|There are no paid positions in our foundation. Every dollar is used to
provide MORE than just the basics for the children and to keep siblings
|VENTURA COUNTY STAR Readmoreatvcstar.com
Foundation seeks more than basics for foster kids
By Cynthia Overweg Sunday, December 20, 2009
When Bill Formanek talks about the unmet needs of children living in foster care, he is passionate about
giving them a future that is not defined by the trauma of the past.
And when he mentions his goal of raising millions of dollars to help them get a fair start in life, he's not
discouraged that it comes at a time when state and county budgets are being slashed and charitable giving
isn't what it used to be.
"I don't care if money is tight; these kids need a lot more than a roof over their heads and food on the table,"
said Formanek, a Camarillo-based foster care provider and a board member of the Ventura County Foster
"Long before a child is removed from a home, they've already experienced an awful lot of trauma, abuse or
neglect that has gone on for years," Formanek said. "No child should ever have to experience what many of
these kids have gone through."
A year ago, Formanek, 48, the owner of a Thousand Oaks upholstery business, created The Children Come
First Foundation, a nonprofit organization whose mission, he said, is to help kids in the foster care system
realize their full potential in a loving and nurturing environment.
Goal of $4.2 million
A single father of a 20-year-old son he adopted out of foster care at age 3, Formanek said he knows from
experience that not every foster home is a happy place.
"My son had never even walked on grass before; everything was concrete. What little yard there was, (it was)
nothing but dirt," Formanek said. It motivated him to improve the lives of children in foster care, he said.
Formanek said he applauds the good intentions and hard work of foster parents, and started the foundation
to help offset diminishing resources and an overburdened foster care system in Ventura County.
His foundation has an ambitious set of objectives, including a college endowment fund and job training
programs for kids when they "age-out" of the foster care system at 18 or 21; parenting seminars and support
programs for foster families; specifically designed programs for foster parents with older kids or kids with
special needs; and grants for home repairs that enhance the foster home environment.
To put his plans into action, Formanek wants to raise $4-2 million, which includes funding to build a
Children's Ranch in Ventura County and at least one foster home with six bedrooms, enough room to keep
some siblings from being split up.
"It happens much too often because most foster homes don't have enough space to keep brothers and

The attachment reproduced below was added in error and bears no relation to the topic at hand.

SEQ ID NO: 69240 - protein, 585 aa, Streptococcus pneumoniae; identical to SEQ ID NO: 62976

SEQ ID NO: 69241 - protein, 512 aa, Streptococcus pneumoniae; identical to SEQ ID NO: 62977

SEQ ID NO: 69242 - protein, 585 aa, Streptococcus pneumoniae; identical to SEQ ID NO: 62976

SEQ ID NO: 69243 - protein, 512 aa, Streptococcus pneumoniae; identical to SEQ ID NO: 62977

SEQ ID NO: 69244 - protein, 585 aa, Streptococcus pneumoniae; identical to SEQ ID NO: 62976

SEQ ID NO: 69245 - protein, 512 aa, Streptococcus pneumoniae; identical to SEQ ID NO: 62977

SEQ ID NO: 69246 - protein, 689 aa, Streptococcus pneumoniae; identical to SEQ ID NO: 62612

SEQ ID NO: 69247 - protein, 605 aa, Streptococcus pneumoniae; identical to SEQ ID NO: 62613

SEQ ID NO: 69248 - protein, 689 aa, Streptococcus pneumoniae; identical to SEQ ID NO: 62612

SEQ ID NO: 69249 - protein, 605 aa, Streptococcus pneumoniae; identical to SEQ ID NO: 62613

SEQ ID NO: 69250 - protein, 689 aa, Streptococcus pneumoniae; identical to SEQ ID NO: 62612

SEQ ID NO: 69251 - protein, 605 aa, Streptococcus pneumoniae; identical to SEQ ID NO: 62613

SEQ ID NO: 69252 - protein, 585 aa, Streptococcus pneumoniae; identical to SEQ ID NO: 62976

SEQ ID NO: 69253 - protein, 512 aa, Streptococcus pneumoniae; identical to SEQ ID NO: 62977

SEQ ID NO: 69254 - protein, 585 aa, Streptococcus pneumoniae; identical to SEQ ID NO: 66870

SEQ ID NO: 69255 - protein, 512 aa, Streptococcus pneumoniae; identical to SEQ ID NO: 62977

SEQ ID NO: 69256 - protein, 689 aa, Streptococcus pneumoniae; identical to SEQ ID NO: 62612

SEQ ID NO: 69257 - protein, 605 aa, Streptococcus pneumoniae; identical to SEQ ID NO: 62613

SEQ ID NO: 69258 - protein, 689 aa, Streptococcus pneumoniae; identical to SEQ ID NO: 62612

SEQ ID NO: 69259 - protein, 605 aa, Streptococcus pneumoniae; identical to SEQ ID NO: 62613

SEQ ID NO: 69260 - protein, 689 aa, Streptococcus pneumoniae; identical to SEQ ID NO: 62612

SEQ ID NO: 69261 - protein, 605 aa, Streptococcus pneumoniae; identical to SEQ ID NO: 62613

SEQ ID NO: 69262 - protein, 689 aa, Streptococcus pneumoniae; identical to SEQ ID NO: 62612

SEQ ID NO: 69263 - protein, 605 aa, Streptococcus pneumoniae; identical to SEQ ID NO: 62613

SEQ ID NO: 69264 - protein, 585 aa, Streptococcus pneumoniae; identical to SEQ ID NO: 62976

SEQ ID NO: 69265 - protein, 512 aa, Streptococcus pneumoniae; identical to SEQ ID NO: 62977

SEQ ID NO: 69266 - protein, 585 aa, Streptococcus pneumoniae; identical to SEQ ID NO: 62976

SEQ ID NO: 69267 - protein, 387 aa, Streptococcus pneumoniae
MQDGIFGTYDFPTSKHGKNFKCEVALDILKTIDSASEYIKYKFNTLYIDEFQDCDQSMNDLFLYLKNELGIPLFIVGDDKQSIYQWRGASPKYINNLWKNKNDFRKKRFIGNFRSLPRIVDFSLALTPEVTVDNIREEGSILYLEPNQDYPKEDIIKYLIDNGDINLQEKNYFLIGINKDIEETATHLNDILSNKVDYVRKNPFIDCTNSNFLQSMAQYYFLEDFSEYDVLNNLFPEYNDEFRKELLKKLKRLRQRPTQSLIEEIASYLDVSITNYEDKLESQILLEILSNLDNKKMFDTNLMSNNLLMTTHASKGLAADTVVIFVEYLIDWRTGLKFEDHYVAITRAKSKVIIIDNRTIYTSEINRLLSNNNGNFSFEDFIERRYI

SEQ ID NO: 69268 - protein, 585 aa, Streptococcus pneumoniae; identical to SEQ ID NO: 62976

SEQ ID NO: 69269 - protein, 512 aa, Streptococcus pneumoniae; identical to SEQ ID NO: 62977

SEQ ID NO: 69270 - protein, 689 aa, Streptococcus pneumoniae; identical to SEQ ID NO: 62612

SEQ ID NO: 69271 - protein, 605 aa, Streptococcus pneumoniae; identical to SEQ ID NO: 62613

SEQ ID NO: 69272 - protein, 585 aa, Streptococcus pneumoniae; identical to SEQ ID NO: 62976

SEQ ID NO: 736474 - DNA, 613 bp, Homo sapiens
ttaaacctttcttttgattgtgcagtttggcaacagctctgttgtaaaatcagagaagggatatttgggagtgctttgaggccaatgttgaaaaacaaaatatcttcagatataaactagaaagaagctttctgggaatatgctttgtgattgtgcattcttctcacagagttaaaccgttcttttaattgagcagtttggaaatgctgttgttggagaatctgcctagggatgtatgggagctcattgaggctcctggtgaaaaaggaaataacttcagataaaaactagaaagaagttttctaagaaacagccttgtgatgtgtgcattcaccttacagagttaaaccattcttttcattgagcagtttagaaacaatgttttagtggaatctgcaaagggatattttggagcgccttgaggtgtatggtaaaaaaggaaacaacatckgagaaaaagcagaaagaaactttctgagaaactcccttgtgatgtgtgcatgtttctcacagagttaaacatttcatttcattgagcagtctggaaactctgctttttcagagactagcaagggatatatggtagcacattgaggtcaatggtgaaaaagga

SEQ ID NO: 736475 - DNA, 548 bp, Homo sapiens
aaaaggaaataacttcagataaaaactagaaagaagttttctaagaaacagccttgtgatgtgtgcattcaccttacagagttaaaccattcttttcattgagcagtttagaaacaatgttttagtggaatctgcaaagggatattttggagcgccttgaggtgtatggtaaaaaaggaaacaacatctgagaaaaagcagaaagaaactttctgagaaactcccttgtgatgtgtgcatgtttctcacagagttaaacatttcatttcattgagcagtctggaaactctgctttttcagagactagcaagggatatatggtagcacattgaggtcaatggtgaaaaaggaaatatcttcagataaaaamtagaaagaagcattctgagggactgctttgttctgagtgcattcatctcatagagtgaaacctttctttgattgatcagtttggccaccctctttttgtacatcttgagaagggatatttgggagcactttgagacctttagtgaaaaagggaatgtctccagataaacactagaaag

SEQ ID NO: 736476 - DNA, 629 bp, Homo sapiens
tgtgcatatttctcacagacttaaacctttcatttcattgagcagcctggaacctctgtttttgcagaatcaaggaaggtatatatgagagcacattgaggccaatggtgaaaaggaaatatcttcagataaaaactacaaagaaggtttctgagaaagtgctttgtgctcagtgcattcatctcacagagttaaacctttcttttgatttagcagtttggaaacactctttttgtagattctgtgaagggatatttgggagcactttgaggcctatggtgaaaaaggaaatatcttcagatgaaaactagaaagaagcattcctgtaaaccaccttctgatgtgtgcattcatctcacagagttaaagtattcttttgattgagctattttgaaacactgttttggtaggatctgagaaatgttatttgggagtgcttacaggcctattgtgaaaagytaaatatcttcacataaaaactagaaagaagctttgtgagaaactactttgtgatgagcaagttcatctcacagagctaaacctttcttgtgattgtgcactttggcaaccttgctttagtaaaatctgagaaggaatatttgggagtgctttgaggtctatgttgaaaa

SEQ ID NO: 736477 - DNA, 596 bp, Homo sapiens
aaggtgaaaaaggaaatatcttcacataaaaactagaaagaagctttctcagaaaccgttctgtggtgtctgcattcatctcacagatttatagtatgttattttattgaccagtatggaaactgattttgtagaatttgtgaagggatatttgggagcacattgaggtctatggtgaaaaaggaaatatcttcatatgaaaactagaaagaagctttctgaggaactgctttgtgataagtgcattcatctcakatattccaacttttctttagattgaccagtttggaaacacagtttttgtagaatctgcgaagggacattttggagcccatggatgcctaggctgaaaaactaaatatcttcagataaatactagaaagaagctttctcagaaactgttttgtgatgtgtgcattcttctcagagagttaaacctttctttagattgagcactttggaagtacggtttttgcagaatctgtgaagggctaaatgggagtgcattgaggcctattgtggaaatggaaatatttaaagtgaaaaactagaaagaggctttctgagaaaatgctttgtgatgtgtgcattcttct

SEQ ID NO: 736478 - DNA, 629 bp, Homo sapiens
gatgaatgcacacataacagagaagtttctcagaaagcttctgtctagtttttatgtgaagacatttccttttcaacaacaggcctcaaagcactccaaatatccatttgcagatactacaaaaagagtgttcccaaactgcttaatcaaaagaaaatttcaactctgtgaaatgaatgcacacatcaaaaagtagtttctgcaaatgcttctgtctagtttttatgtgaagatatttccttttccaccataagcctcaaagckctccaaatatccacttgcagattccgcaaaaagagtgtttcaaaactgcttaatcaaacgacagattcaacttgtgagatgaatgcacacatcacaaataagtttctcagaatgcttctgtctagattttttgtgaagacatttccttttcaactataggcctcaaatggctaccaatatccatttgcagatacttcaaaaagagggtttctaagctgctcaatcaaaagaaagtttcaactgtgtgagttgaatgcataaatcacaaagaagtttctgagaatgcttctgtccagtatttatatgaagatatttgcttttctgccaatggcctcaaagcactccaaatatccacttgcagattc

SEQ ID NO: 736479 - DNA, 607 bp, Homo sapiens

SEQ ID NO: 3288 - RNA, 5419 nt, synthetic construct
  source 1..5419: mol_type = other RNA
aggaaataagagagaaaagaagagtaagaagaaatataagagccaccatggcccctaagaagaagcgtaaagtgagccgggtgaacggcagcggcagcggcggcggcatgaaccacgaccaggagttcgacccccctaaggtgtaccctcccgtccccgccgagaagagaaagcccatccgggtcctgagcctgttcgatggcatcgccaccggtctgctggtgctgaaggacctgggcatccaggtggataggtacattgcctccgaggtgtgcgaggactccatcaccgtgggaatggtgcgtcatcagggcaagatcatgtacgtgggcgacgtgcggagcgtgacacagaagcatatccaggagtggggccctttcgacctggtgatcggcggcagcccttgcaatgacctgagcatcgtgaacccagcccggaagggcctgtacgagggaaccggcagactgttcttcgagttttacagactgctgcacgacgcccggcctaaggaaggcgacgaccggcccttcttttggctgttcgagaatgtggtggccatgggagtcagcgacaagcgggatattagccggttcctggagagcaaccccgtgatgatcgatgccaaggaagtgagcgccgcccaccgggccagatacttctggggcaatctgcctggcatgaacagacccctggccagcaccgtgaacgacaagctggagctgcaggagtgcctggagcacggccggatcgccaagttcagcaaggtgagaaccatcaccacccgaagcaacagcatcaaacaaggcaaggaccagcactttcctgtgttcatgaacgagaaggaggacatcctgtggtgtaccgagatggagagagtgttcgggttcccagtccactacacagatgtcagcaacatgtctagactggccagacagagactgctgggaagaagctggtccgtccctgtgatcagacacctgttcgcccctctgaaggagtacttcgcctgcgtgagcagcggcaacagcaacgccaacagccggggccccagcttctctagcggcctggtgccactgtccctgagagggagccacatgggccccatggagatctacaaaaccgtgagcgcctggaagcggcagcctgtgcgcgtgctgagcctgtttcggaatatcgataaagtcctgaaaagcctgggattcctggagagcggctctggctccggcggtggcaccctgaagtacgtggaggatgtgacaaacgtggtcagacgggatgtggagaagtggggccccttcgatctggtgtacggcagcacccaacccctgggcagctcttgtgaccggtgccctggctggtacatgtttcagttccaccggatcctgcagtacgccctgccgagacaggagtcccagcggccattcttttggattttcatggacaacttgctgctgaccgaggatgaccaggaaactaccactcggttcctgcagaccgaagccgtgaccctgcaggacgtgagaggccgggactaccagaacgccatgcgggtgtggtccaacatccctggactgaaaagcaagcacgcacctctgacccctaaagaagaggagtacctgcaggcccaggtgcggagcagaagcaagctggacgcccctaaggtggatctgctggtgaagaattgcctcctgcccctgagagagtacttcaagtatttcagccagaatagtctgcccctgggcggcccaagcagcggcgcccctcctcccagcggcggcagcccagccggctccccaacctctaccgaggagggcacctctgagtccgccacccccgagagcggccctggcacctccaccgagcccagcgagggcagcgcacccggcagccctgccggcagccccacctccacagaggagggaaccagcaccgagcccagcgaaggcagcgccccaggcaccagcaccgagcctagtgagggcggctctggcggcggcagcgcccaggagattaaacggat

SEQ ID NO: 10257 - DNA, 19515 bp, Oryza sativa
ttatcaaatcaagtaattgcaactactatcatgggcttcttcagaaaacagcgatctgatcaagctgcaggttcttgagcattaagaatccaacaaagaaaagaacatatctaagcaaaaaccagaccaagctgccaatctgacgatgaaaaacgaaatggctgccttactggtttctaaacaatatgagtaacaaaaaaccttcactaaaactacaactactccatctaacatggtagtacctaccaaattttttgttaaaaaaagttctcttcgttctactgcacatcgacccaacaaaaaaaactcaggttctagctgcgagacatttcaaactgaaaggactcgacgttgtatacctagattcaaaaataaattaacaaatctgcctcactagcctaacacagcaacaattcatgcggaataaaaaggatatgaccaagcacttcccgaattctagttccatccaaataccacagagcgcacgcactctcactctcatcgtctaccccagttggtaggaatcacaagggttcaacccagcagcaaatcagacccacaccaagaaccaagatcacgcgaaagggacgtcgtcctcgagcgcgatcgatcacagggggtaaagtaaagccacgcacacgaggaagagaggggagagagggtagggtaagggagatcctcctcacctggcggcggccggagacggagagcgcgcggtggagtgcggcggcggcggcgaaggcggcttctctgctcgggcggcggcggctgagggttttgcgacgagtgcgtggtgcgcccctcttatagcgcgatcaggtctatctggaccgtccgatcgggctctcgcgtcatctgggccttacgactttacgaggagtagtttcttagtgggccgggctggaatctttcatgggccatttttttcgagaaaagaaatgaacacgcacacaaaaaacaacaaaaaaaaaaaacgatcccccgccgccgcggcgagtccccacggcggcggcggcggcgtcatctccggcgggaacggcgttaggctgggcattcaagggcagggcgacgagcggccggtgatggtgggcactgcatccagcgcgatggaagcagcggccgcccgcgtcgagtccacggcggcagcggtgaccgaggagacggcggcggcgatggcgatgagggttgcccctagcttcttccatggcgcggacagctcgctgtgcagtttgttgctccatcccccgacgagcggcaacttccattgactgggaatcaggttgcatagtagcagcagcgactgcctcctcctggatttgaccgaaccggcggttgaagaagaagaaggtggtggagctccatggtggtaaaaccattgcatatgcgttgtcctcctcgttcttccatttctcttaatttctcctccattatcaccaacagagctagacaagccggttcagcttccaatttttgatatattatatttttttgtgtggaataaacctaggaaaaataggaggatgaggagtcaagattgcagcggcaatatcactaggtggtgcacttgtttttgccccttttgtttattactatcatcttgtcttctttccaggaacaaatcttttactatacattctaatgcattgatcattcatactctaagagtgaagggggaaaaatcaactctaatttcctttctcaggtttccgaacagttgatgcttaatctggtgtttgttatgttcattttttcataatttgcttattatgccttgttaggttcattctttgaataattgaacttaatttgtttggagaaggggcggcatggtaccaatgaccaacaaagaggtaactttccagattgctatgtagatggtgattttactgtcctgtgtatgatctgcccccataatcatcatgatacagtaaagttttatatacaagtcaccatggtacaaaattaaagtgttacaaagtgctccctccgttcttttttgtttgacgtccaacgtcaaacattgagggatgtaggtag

sisters together," Formanek said.
He said the proposed ranch would be a haven for foster families, a place where kids could ride horses,
participate in sports activities, and attend educational and cultural programs that connect kids to nature, to
one another and to the community.
The goals of his foundation would make life better for kids in the foster care system, said Vicki Murphy,
director of development and operations for Casa Pacifica, a residential treatment program for at-risk
youths in Camarillo.
These kids have been let down by the very people who were supposed to love them. Bill understands that
and knows how to provide stability and build trust," Murphy said. "I can't think of a better advocate for
kids in foster care." We have recently closed our small children cottages and so what Bill is doing is
essential to our community
Janet Gretzky - who with her husband, retired Hall of Fame hockey player Wayne Gretzky, has helped
thousands of disadvantaged kids through their own foundation - is an adviser to Formanek and is lending
"I've known Bill for years, and he's dedicated to making a difference for these kids," said Gretzky, who lives in
Thousand Oaks. "I want to help in any way I can."
Recruiting foster parents
Formanek is bringing much-needed attention to a lack of resources and the necessity for more foster homes,
said Kari Garmin, placement coordinator at Ventura County Children and Family Services.
"We're now actively recruiting foster parents who are willing to take in older kids, kids with special needs and
kids who have medical and behavioral problems; the need is great," she said.
Most kids in foster care have never had a loving and stable home life because they come from very
dysfunctional situations, said Pegi Stenberg, owner of Pegi's Family Child Care in Camarillo and a
foundation board member.
"Bill wants to give them hope," Stenberg said, "and help them create a fulfilling life."
- For information or to contribute, individuals may contact The Children Come First Foundation, 2890
Thousand Oaks Blvd., Thousand Oaks CA 91362, or call 794-8363 or visit http://www.
© 2010 Scripps Newspaper Group